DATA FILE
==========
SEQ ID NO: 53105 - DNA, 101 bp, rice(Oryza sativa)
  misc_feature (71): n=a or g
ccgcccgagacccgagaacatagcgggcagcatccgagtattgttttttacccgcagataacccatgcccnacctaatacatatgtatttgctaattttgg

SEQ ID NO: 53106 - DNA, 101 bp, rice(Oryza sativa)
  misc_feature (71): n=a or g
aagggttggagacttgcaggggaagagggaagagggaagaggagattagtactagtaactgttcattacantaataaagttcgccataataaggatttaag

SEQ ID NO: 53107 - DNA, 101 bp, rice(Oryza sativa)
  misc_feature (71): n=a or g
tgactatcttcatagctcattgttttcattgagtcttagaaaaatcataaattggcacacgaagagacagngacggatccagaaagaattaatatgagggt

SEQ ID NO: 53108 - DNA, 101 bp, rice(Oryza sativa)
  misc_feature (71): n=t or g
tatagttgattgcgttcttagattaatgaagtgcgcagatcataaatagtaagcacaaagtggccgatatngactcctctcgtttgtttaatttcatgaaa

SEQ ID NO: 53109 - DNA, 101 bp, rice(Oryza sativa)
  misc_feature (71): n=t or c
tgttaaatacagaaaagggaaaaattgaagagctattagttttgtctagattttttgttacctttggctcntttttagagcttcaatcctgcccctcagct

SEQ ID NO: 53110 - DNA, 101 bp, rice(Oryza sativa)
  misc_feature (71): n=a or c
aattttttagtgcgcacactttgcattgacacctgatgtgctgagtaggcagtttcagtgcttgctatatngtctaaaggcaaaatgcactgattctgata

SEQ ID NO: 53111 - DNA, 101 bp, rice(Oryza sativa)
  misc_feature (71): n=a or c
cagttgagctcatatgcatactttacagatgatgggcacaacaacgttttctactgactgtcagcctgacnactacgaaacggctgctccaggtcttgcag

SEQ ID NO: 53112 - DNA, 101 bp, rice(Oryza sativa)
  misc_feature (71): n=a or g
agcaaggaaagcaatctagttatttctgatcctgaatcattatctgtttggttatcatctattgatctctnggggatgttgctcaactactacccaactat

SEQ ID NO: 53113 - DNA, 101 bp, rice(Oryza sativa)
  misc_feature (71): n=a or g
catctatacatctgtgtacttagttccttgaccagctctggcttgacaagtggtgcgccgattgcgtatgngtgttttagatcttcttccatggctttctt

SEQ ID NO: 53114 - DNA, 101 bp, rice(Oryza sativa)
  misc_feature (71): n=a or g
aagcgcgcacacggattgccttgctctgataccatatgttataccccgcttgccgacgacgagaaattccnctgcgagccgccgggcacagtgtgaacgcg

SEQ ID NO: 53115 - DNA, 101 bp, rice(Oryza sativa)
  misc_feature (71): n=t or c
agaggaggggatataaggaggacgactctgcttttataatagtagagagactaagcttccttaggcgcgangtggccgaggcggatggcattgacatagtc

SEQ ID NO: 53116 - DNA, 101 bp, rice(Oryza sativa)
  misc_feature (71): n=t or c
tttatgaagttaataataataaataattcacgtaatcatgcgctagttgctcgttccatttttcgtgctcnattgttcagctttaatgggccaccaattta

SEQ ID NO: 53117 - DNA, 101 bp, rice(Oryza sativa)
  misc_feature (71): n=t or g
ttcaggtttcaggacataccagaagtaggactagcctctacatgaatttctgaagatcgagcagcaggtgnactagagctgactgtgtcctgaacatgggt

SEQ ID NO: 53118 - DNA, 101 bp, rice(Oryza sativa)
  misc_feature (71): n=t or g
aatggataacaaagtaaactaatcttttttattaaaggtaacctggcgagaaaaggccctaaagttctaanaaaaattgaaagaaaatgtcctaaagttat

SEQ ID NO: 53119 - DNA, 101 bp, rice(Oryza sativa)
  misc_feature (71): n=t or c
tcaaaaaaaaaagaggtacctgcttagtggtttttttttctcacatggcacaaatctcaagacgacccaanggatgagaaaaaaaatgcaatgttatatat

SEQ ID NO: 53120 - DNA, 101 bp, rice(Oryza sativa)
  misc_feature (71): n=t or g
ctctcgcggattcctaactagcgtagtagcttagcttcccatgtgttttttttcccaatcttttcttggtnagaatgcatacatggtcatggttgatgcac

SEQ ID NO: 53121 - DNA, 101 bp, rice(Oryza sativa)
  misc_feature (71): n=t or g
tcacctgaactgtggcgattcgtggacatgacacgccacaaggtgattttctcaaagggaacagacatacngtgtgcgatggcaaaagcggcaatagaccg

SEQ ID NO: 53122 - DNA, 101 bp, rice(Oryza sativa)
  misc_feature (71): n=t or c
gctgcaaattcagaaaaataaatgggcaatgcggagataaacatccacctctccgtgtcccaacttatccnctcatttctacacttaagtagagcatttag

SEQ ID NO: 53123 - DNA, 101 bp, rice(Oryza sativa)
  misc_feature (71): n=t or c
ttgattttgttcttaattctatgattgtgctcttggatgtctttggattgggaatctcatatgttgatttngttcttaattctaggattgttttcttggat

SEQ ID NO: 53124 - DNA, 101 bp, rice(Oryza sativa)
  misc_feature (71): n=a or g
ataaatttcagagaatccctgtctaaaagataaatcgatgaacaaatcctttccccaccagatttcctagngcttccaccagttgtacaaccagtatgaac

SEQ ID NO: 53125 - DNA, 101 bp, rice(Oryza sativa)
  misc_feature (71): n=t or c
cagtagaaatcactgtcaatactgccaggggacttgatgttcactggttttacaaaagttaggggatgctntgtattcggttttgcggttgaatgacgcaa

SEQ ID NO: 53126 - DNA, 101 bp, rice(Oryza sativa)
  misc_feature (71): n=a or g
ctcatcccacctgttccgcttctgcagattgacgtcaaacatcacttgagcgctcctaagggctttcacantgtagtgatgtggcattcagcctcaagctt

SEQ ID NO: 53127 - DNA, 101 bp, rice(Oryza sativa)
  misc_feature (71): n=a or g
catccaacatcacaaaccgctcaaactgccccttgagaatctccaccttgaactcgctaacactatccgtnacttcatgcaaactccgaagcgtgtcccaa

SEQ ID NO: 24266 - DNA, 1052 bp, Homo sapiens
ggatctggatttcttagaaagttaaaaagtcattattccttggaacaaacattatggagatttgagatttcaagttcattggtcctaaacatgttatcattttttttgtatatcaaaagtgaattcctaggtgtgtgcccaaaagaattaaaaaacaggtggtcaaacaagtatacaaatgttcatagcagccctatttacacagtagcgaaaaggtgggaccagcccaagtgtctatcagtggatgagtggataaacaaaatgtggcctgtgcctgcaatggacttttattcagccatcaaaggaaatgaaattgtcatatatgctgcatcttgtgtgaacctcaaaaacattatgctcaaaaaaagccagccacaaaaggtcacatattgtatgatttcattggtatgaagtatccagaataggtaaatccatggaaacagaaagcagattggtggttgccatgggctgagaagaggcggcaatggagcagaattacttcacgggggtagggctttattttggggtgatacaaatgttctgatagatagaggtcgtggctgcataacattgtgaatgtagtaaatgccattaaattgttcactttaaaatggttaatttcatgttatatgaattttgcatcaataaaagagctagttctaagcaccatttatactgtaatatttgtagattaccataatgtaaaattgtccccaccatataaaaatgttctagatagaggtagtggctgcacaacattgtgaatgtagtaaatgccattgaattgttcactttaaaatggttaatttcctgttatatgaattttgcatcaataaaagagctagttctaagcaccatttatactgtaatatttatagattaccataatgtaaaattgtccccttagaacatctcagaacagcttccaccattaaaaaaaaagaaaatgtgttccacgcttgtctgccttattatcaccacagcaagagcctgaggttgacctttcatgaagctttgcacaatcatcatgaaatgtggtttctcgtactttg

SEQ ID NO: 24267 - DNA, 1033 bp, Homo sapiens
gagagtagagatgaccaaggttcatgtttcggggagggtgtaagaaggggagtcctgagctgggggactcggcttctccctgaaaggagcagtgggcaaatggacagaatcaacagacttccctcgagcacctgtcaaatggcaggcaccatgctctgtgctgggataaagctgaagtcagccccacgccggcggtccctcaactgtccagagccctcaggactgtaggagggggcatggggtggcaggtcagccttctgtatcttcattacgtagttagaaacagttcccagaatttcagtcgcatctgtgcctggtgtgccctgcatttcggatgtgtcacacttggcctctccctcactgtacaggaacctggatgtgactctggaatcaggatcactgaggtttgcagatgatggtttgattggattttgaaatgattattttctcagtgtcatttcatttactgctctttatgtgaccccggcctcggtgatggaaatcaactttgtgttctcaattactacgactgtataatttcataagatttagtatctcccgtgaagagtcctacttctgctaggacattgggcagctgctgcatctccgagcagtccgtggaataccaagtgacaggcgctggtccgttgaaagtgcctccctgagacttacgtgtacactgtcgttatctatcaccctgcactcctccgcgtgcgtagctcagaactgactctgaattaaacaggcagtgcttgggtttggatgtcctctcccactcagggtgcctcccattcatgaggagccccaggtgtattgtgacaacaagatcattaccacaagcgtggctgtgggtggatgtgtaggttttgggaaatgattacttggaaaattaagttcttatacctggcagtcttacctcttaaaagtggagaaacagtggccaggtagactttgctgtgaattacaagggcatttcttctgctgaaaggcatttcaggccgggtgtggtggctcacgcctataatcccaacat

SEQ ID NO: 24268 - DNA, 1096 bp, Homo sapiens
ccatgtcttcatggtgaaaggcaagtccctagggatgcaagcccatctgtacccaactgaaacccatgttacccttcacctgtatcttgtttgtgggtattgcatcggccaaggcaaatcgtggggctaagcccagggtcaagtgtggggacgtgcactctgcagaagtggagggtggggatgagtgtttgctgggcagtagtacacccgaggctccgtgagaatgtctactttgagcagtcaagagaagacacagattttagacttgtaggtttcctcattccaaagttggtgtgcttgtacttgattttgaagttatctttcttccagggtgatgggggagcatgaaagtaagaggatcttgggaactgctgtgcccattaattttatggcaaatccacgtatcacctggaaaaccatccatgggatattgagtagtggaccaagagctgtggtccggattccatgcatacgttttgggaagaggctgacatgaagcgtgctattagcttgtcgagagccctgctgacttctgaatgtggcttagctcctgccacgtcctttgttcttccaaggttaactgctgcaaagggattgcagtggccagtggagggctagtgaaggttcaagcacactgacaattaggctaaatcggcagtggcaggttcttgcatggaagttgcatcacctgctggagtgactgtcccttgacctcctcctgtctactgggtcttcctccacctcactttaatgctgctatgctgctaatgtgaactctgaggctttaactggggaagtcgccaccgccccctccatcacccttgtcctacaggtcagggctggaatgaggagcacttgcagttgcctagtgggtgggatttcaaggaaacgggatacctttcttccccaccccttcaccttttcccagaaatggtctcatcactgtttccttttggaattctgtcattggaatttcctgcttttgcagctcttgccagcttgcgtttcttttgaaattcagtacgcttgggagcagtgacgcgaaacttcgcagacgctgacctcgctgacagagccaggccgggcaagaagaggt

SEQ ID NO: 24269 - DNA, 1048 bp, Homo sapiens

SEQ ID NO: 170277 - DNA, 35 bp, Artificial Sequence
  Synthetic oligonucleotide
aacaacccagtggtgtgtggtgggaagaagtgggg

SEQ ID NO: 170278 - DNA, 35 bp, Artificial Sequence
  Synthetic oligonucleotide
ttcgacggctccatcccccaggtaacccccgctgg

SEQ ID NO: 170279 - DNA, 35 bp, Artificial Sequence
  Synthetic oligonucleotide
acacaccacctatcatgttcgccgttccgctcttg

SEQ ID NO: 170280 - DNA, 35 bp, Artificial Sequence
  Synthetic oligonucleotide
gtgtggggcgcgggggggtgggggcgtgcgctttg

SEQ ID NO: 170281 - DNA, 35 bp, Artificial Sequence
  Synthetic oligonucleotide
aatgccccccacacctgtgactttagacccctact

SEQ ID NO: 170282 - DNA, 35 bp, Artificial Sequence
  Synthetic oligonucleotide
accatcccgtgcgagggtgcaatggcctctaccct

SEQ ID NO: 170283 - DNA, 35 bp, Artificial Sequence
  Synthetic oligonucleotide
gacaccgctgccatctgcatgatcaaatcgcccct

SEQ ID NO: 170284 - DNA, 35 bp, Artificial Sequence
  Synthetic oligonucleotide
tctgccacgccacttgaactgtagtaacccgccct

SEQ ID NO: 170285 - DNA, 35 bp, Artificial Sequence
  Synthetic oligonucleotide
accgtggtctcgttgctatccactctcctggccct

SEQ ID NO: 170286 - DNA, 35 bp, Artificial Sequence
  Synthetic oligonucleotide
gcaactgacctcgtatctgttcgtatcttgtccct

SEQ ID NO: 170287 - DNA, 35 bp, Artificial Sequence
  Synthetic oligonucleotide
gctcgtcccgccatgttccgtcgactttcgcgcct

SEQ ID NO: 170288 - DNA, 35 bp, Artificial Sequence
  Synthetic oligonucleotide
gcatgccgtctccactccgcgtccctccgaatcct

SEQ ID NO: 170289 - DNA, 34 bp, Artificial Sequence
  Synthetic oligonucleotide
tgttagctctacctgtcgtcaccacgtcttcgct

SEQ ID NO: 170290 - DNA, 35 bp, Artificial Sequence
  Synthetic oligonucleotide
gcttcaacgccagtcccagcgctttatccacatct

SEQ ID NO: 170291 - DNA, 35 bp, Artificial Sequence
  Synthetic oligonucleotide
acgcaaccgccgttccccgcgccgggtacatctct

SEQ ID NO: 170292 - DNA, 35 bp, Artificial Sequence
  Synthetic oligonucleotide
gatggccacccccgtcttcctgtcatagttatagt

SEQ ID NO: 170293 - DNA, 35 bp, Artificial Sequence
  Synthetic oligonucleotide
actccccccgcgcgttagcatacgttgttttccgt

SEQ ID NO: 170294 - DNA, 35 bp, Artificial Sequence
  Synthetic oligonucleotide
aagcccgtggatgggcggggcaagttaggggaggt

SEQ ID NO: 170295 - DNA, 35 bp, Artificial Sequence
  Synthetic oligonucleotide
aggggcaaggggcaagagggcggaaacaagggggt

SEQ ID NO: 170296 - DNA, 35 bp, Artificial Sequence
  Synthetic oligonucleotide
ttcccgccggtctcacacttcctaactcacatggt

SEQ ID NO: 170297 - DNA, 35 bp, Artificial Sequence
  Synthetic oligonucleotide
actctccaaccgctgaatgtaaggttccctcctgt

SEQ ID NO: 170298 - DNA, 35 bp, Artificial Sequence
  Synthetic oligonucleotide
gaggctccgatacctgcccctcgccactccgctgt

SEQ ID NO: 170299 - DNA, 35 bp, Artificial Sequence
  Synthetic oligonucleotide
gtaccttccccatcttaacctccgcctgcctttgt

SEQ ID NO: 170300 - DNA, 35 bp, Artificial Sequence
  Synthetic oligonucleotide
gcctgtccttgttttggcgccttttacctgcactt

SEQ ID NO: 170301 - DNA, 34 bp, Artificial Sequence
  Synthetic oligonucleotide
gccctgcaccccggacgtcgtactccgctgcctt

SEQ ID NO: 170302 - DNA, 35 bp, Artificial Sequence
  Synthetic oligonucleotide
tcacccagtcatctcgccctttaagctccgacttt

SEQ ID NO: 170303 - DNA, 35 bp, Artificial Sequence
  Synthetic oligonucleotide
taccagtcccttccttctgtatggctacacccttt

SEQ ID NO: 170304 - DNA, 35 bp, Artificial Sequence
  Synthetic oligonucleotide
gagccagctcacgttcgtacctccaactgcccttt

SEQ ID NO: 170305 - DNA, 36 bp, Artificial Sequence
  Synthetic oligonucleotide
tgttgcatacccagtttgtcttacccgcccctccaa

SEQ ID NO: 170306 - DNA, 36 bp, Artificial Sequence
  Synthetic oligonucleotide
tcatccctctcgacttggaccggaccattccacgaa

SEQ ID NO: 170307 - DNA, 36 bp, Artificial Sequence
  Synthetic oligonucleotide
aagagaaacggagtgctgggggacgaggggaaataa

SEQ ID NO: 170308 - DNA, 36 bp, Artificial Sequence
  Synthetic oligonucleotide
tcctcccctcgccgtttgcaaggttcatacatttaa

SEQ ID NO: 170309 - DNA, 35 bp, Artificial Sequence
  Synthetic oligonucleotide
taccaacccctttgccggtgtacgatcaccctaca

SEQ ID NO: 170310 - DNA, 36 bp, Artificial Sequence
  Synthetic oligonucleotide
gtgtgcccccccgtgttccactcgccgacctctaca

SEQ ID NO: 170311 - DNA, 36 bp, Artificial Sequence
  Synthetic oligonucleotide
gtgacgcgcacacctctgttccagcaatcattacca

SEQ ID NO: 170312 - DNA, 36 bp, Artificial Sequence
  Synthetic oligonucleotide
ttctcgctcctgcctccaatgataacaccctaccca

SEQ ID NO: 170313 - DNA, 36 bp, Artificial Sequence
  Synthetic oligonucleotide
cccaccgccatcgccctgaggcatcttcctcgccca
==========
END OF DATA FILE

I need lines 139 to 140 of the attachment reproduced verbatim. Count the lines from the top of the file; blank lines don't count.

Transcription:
actctccaaccgctgaatgtaaggttccctcctgt

SEQ ID NO: 170298 - DNA, 35 bp, Artificial Sequence